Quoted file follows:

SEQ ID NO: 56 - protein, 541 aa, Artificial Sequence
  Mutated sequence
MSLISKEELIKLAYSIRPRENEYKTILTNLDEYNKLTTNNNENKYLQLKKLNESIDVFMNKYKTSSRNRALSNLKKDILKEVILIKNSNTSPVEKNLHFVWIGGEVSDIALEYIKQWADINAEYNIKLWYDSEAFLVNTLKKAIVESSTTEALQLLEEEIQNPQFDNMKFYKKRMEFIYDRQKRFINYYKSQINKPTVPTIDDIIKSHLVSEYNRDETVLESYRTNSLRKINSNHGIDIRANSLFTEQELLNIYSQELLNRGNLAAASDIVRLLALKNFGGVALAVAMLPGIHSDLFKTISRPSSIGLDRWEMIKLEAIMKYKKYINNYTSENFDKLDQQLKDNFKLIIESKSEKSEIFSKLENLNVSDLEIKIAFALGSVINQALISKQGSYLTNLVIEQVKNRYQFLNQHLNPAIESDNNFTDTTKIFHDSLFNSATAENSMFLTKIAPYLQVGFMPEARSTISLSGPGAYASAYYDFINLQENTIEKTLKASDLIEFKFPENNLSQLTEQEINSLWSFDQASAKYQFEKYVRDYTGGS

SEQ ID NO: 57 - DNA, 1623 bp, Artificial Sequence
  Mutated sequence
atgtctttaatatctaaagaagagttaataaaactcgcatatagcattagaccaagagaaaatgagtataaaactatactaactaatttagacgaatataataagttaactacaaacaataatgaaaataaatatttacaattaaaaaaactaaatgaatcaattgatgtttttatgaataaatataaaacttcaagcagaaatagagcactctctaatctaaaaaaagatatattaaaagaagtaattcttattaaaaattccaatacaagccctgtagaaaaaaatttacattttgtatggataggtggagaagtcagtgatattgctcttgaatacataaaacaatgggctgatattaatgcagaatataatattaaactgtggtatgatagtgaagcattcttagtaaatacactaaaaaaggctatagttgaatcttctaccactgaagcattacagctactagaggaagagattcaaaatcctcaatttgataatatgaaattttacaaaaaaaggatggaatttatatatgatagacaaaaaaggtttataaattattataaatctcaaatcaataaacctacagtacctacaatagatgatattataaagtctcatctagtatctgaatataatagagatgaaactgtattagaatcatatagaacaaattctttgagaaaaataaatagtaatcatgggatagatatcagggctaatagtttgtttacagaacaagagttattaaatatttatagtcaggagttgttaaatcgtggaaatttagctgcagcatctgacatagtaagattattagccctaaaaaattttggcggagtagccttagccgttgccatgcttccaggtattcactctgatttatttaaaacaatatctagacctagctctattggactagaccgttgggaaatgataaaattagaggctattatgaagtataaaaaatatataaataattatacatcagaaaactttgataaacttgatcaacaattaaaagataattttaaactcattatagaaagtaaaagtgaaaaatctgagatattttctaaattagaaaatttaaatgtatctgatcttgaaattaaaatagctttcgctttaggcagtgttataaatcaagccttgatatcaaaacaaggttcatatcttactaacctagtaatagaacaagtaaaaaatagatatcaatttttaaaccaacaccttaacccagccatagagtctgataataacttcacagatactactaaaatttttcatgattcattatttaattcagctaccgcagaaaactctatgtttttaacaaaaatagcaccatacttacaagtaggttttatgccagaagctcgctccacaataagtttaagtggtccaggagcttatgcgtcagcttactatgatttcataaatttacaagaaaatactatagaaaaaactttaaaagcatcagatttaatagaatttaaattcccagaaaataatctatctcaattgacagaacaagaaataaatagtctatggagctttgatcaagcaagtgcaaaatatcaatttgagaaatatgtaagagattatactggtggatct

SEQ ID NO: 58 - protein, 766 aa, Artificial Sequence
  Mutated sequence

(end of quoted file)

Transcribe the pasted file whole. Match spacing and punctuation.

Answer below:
SEQ ID NO: 56 - protein, 541 aa, Artificial Sequence
  Mutated sequence
MSLISKEELIKLAYSIRPRENEYKTILTNLDEYNKLTTNNNENKYLQLKKLNESIDVFMNKYKTSSRNRALSNLKKDILKEVILIKNSNTSPVEKNLHFVWIGGEVSDIALEYIKQWADINAEYNIKLWYDSEAFLVNTLKKAIVESSTTEALQLLEEEIQNPQFDNMKFYKKRMEFIYDRQKRFINYYKSQINKPTVPTIDDIIKSHLVSEYNRDETVLESYRTNSLRKINSNHGIDIRANSLFTEQELLNIYSQELLNRGNLAAASDIVRLLALKNFGGVALAVAMLPGIHSDLFKTISRPSSIGLDRWEMIKLEAIMKYKKYINNYTSENFDKLDQQLKDNFKLIIESKSEKSEIFSKLENLNVSDLEIKIAFALGSVINQALISKQGSYLTNLVIEQVKNRYQFLNQHLNPAIESDNNFTDTTKIFHDSLFNSATAENSMFLTKIAPYLQVGFMPEARSTISLSGPGAYASAYYDFINLQENTIEKTLKASDLIEFKFPENNLSQLTEQEINSLWSFDQASAKYQFEKYVRDYTGGS

SEQ ID NO: 57 - DNA, 1623 bp, Artificial Sequence
  Mutated sequence
atgtctttaatatctaaagaagagttaataaaactcgcatatagcattagaccaagagaaaatgagtataaaactatactaactaatttagacgaatataataagttaactacaaacaataatgaaaataaatatttacaattaaaaaaactaaatgaatcaattgatgtttttatgaataaatataaaacttcaagcagaaatagagcactctctaatctaaaaaaagatatattaaaagaagtaattcttattaaaaattccaatacaagccctgtagaaaaaaatttacattttgtatggataggtggagaagtcagtgatattgctcttgaatacataaaacaatgggctgatattaatgcagaatataatattaaactgtggtatgatagtgaagcattcttagtaaatacactaaaaaaggctatagttgaatcttctaccactgaagcattacagctactagaggaagagattcaaaatcctcaatttgataatatgaaattttacaaaaaaaggatggaatttatatatgatagacaaaaaaggtttataaattattataaatctcaaatcaataaacctacagtacctacaatagatgatattataaagtctcatctagtatctgaatataatagagatgaaactgtattagaatcatatagaacaaattctttgagaaaaataaatagtaatcatgggatagatatcagggctaatagtttgtttacagaacaagagttattaaatatttatagtcaggagttgttaaatcgtggaaatttagctgcagcatctgacatagtaagattattagccctaaaaaattttggcggagtagccttagccgttgccatgcttccaggtattcactctgatttatttaaaacaatatctagacctagctctattggactagaccgttgggaaatgataaaattagaggctattatgaagtataaaaaatatataaataattatacatcagaaaactttgataaacttgatcaacaattaaaagataattttaaactcattatagaaagtaaaagtgaaaaatctgagatattttctaaattagaaaatttaaatgtatctgatcttgaaattaaaatagctttcgctttaggcagtgttataaatcaagccttgatatcaaaacaaggttcatatcttactaacctagtaatagaacaagtaaaaaatagatatcaatttttaaaccaacaccttaacccagccatagagtctgataataacttcacagatactactaaaatttttcatgattcattatttaattcagctaccgcagaaaactctatgtttttaacaaaaatagcaccatacttacaagtaggttttatgccagaagctcgctccacaataagtttaagtggtccaggagcttatgcgtcagcttactatgatttcataaatttacaagaaaatactatagaaaaaactttaaaagcatcagatttaatagaatttaaattcccagaaaataatctatctcaattgacagaacaagaaataaatagtctatggagctttgatcaagcaagtgcaaaatatcaatttgagaaatatgtaagagattatactggtggatct

SEQ ID NO: 58 - protein, 766 aa, Artificial Sequence
  Mutated sequence